the best-sounding discs on this list and is consistent throughout.
Anna-Marie Holmes is behind the current dancing and the Teatro Alla
Scala with Italy's huge RAI TV network are behind the ambitious
production running a fine 108 minutes.
Fourniller conducts the music and the dancing is top rate. Still,
there are a few off moments in both versions for me, but they are
well done enough that fans should see both.
yet another revisiting, we have Mozart's Le Nozze Di Figaro
(2014 aka The Marriage Of Figaro) and it remains one of the
most popular, referenced and well-known operas in history. Here are
two fine versions we have covered in recent years on Blu-ray:
Opera House version
new version by conductor Nikolaus Harnoncourt with the Theater an der
Wien das Opernhaus runs a long 190 minutes, but is as effective and a
little better looking than the Barenboim version (his work is so
often definitive) while the Royal Opera version still has the best
sound of the three and joins the best-sounding Naxos Blu-rays we have
covered to date. Thus, no one version has been able to cover all the
bases so fully that it is definitive, but if you have the time,
curiosity and love of the work, add this to the other versions and
compare them all.
Schuen is the title character and the other singers/actors are a fine
complement to him. The look is not bad and slightly paired-down
and/or basic, but is fine and is considered part of Mozart's Da Ponte
Cycle of operas (librettos by Lorenzo Da Ponte that also includes Don
Giovanni and Cosi fan tutte, reviewed a few times
elsewhere on this site) and I liked this one enough to see what they
did with the latter two works. Despite a few things that were not
quite what I wanted, a program worth seeing, certainly.
we have a new version of The Snow Queen (2019) based on the
classic Hans Christian Andersen work, but this is the first ballet we
have actually ever encountered. The Scottish Ballet with
Choreographer Christopher Hampson and Conductor Jean-Claude Picard as
the Summer Princess (Kayla-Marie Tarantolo) asks the title character
(Constance Devernay) to see the future, which reveals a man she will
be with. Instead of waiting, the Princess leaves for the town of
humans. The Queen is not happy about this.
there, the humans start crossing into their world and the a circus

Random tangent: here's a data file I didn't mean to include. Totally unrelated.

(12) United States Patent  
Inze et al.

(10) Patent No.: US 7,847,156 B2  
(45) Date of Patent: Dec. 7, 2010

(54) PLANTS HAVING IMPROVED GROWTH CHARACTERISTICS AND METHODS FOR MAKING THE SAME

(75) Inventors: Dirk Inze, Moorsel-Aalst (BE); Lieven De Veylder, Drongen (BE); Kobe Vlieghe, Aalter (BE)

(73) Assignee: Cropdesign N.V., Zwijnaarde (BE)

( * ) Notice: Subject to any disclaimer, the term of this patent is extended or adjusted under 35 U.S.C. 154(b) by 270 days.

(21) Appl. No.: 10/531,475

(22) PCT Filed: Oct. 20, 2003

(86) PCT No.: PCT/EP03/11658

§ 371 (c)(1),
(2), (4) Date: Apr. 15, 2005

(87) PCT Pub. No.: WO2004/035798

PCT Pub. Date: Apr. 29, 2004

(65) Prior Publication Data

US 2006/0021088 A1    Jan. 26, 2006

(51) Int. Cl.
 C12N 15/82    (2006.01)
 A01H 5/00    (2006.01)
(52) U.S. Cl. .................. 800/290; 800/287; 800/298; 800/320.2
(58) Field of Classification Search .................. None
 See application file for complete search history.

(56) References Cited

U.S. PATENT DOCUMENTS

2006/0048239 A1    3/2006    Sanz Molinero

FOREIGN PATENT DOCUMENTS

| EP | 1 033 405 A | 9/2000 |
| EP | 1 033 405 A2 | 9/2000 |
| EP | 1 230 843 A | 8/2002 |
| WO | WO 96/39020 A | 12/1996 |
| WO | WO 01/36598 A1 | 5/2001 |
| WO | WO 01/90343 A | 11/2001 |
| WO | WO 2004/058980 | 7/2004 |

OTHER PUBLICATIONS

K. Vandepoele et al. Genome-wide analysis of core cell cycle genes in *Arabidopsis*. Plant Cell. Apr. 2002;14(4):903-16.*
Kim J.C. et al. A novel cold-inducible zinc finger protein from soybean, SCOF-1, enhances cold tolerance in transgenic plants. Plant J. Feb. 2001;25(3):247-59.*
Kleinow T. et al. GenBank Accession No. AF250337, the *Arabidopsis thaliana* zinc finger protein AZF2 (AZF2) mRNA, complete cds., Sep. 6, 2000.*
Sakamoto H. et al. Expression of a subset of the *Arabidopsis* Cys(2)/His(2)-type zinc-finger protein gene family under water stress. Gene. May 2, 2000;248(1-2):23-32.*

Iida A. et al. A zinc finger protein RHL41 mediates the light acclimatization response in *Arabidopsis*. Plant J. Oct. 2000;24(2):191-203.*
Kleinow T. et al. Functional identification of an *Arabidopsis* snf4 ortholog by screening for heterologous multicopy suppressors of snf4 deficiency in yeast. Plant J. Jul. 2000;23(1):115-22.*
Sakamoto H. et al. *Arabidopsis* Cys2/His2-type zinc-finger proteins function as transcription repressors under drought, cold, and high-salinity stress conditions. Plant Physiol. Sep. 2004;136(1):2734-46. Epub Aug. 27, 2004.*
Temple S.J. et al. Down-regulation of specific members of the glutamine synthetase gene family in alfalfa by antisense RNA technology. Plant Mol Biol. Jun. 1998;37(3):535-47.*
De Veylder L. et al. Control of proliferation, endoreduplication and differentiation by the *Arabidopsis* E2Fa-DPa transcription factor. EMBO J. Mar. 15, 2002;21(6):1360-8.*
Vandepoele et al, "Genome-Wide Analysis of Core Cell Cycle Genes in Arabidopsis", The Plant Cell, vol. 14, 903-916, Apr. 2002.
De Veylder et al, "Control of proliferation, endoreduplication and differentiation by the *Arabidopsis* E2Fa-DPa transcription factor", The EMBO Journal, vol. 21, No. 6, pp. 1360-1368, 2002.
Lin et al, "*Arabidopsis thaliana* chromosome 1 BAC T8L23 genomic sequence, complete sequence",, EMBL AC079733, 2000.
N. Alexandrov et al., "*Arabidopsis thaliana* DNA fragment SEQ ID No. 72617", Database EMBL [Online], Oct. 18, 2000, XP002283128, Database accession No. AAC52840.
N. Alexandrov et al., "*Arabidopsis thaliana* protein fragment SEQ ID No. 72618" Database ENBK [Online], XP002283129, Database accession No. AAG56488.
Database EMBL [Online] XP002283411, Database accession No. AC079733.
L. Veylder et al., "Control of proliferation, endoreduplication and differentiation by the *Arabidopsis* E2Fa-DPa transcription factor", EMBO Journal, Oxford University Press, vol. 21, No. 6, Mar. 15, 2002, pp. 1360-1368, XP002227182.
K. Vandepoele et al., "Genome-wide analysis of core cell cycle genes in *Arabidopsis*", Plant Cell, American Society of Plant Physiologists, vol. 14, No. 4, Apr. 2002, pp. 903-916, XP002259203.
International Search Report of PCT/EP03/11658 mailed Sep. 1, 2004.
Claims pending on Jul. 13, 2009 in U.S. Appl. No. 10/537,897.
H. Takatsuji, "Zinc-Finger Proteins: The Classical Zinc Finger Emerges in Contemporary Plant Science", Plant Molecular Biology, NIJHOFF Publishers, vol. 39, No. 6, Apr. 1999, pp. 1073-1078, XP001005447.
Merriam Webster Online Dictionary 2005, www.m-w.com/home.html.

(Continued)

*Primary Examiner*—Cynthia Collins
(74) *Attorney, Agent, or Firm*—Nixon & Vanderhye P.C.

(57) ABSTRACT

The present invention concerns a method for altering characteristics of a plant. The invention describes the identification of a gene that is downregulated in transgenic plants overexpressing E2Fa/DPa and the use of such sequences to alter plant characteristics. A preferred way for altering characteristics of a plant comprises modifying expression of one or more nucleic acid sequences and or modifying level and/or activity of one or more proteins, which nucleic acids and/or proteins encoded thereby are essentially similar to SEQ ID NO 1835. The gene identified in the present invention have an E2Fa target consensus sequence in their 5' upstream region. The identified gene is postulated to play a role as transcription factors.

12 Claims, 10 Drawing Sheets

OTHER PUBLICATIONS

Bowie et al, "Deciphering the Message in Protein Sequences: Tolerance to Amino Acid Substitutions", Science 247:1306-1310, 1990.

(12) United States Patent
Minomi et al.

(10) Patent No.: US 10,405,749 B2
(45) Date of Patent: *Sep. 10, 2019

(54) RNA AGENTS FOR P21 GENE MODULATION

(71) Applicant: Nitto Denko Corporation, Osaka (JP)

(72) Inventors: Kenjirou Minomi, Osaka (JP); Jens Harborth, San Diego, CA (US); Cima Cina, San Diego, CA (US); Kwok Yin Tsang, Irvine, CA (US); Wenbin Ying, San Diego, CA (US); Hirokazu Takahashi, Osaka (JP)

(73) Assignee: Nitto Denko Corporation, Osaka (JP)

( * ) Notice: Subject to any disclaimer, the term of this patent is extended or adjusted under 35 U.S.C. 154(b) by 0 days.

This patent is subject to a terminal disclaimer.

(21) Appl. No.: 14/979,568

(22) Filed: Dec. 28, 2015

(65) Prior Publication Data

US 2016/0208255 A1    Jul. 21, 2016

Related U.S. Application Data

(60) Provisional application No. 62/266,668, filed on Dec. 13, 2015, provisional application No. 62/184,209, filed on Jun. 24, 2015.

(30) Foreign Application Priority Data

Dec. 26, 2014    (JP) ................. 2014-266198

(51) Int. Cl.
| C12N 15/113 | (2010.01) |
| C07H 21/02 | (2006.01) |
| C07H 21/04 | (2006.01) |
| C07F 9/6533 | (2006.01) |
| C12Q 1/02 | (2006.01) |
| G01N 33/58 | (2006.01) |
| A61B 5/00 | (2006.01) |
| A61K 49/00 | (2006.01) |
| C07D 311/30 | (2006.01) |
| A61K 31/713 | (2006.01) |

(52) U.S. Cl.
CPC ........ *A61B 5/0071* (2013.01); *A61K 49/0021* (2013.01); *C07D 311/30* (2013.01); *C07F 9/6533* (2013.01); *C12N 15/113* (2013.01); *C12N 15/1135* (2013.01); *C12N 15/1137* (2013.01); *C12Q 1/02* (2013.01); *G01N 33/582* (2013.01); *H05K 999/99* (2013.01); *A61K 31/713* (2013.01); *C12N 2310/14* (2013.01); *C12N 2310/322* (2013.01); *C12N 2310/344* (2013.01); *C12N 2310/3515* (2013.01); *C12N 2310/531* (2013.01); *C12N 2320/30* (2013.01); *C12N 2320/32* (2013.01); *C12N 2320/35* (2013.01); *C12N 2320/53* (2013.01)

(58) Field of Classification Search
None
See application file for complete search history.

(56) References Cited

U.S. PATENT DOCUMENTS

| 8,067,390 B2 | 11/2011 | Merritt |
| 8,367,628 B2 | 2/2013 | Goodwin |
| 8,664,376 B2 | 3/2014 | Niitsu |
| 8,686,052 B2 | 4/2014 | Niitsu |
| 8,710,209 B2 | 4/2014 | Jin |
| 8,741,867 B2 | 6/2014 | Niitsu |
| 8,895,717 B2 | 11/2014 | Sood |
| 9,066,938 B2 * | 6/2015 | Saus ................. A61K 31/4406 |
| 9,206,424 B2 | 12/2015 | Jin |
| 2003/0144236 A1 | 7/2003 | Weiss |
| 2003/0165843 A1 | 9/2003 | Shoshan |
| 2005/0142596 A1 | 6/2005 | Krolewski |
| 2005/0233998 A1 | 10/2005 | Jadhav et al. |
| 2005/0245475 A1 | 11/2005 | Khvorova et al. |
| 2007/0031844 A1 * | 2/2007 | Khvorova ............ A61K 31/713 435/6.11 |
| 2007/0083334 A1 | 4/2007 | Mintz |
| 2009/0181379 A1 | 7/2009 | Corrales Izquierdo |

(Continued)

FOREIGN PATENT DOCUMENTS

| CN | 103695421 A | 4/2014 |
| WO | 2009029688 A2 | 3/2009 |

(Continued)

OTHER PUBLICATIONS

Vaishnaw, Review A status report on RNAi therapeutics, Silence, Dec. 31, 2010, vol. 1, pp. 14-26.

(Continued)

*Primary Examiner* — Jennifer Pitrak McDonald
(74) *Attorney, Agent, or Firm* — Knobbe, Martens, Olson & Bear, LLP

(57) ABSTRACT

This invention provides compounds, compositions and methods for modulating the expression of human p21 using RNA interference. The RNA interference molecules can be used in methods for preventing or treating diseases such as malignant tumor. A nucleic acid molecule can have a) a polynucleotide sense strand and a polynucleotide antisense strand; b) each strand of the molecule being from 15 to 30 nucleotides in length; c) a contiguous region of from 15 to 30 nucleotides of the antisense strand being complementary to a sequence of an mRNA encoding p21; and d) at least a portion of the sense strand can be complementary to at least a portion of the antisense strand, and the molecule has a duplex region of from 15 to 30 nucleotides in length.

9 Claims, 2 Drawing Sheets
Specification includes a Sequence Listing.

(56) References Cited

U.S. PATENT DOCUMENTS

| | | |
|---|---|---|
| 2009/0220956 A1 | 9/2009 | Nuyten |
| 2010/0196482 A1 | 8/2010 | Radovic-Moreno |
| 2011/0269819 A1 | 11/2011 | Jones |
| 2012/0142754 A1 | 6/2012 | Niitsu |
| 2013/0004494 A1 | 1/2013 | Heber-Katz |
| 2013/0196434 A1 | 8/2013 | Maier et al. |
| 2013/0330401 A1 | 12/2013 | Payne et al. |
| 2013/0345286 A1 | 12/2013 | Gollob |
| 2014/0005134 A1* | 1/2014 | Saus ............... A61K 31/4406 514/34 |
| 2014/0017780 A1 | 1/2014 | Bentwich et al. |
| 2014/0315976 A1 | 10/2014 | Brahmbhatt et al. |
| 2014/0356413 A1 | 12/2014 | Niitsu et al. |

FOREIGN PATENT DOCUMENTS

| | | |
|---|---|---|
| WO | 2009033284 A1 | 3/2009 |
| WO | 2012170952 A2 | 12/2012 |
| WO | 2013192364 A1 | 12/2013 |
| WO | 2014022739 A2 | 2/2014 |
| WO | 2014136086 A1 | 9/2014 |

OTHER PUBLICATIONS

comes to town, so you know chaos will follow.
is one of the more colorful and well-costumed entries here with fine
acting, dancing, performing and a good show at a tight 87 minutes. I
have yet to see any version of this tale in any version I found a
knockout, but this is as good as any one I have seen to date.
eight discs offer
1080i 1.78 X 1 digital High Definition image transfers, so they will
all have a little bit of motion blur, including Alceste,
which is the only 4K shoot on the list. Beggar's
actually fare best with the least blu, though past 4K/1080i
comparisons have proved the 4K can still look great in its native
format. All have good color, editing and are pretty well shot
otherwise, though a new trend of minimal lighting in too many of
these productions is not a good thing and hurts their presentations
when the makers go overboard in that way.
discs also offer two sound mixes in DTS-HD MA (Master Audio) 5.1 and
PCM 2.0 Stereo lossless mixes that are professionally recorded, but
some 5.1 versions are no better than the 2.0 Stereo ones in a few
cases and some soundfields do not take total advantage of the
surrounds or soundstage. Ercole
tend to stand out sonically best in this case.
in all eight releases at least include multi-lingual booklets on
their respective shows, while Beggar's Opera,
Cellist/Gathering..., Faust and Snow Queen have
Cast Galleries, the latter three add behind the scene clips and
Figaro adds a longer outright documentary. All those extras
help make the works clearer and more entertaining.